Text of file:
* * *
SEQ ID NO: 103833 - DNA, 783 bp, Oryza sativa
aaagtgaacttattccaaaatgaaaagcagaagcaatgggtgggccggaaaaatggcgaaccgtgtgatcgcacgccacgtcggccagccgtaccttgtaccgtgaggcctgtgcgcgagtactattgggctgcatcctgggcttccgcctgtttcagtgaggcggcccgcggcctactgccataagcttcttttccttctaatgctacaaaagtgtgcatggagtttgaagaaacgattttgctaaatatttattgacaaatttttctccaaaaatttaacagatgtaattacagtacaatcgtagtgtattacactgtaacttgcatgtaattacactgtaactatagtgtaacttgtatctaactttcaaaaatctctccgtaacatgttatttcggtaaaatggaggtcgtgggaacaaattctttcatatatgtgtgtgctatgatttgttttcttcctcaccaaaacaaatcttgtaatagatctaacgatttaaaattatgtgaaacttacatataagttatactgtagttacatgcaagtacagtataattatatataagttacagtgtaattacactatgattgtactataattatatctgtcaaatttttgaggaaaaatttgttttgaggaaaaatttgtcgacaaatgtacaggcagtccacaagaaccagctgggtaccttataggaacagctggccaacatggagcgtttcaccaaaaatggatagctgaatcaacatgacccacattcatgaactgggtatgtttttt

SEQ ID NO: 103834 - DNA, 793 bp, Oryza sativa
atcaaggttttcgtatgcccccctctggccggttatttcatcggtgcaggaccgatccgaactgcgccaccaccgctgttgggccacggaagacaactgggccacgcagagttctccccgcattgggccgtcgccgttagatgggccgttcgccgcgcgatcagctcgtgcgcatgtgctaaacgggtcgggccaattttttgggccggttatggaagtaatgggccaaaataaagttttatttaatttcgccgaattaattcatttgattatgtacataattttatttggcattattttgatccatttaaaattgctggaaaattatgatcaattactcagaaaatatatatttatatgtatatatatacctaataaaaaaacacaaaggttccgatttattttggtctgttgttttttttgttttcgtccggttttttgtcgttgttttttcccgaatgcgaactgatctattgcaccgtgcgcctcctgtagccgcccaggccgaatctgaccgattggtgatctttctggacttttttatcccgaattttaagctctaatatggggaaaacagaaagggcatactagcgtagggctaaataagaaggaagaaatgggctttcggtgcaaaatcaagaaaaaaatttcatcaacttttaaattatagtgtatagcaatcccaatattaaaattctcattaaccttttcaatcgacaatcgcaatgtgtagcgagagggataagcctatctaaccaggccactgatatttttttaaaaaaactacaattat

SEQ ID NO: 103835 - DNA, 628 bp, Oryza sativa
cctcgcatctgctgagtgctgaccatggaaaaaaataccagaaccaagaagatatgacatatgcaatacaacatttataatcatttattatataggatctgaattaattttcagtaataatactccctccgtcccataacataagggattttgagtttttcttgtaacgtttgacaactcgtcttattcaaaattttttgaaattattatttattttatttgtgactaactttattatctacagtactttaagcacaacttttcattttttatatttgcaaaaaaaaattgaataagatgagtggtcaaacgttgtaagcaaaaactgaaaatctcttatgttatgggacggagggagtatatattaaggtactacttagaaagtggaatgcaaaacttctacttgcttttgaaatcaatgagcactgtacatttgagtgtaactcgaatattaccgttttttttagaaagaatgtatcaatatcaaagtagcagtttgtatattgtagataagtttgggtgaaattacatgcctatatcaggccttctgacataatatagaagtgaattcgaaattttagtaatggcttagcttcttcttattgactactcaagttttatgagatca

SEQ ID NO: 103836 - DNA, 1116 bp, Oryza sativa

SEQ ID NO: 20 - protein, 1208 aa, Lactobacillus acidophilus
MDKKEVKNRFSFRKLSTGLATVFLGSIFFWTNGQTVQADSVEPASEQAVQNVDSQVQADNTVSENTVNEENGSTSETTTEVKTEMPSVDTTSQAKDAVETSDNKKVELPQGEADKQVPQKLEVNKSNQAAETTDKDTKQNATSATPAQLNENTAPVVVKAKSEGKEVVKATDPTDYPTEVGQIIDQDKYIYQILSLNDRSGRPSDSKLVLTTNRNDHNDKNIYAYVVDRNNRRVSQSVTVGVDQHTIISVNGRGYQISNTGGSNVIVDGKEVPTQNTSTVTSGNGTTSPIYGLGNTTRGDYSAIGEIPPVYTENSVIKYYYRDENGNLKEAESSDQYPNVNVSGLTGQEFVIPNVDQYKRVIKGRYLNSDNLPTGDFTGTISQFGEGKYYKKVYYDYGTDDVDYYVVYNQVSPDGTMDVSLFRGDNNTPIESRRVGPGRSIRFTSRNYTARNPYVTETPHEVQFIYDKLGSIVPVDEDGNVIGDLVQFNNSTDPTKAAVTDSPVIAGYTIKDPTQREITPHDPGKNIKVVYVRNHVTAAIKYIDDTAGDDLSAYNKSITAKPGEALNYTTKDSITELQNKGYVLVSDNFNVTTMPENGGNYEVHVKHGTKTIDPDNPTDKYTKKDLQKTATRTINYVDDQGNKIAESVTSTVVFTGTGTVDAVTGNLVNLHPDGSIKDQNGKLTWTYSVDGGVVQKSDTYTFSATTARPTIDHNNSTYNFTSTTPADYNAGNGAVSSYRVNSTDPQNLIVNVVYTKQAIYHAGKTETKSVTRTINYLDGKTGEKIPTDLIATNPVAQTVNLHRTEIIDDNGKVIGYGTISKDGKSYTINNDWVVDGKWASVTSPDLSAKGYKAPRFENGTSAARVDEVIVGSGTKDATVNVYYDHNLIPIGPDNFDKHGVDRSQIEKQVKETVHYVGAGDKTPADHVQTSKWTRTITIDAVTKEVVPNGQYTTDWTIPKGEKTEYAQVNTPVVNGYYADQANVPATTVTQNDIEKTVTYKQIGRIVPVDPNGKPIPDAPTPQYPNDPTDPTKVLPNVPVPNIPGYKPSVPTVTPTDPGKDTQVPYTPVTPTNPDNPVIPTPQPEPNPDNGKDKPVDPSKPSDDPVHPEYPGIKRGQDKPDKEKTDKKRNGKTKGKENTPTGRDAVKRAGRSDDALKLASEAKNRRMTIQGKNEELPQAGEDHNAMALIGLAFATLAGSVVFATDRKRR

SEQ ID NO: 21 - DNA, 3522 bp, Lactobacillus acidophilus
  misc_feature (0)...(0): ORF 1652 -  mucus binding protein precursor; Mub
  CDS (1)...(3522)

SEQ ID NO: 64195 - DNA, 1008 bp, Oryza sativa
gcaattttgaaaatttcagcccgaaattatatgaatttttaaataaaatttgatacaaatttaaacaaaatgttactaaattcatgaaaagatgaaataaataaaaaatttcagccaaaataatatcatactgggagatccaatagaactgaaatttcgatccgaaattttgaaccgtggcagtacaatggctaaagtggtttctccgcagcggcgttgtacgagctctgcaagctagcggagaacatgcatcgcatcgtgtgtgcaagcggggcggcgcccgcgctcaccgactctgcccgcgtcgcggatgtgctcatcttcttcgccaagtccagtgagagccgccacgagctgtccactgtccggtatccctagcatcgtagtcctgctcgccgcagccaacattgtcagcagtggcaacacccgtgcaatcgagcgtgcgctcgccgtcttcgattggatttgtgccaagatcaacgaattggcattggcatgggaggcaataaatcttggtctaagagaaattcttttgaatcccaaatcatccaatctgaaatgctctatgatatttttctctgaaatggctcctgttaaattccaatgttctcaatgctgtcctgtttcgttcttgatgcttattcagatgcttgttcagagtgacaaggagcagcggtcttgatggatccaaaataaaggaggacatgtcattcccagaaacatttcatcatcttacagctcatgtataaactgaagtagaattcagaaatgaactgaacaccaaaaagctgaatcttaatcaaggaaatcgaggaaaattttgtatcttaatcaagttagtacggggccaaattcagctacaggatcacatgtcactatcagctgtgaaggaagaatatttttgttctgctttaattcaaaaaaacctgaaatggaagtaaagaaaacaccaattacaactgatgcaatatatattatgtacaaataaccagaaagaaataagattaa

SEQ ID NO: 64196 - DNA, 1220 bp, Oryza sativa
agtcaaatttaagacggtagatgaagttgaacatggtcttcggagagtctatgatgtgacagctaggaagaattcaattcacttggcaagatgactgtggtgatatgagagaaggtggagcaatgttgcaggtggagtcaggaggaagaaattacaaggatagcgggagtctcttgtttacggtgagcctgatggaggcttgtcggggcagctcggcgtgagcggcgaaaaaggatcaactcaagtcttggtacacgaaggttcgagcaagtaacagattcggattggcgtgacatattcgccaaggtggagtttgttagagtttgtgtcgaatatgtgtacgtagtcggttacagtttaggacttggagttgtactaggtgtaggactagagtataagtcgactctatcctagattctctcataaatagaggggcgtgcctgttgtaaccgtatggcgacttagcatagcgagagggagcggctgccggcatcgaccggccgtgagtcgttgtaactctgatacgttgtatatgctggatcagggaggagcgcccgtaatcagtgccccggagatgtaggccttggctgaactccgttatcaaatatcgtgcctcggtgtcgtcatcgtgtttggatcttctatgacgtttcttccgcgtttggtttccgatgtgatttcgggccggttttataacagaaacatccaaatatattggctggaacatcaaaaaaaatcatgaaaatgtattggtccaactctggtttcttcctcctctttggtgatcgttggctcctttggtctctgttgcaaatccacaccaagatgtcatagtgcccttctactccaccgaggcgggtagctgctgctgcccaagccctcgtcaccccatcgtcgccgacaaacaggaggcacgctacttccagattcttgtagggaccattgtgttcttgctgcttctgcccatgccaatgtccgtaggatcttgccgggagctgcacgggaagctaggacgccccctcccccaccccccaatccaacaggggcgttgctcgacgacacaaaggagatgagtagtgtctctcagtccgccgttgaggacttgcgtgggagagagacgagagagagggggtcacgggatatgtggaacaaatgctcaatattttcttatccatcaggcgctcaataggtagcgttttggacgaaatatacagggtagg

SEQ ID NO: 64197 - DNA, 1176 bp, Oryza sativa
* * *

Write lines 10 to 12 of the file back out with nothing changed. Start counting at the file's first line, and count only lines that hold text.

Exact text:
SEQ ID NO: 21 - DNA, 3522 bp, Lactobacillus acidophilus
  misc_feature (0)...(0): ORF 1652 -  mucus binding protein precursor; Mub
  CDS (1)...(3522)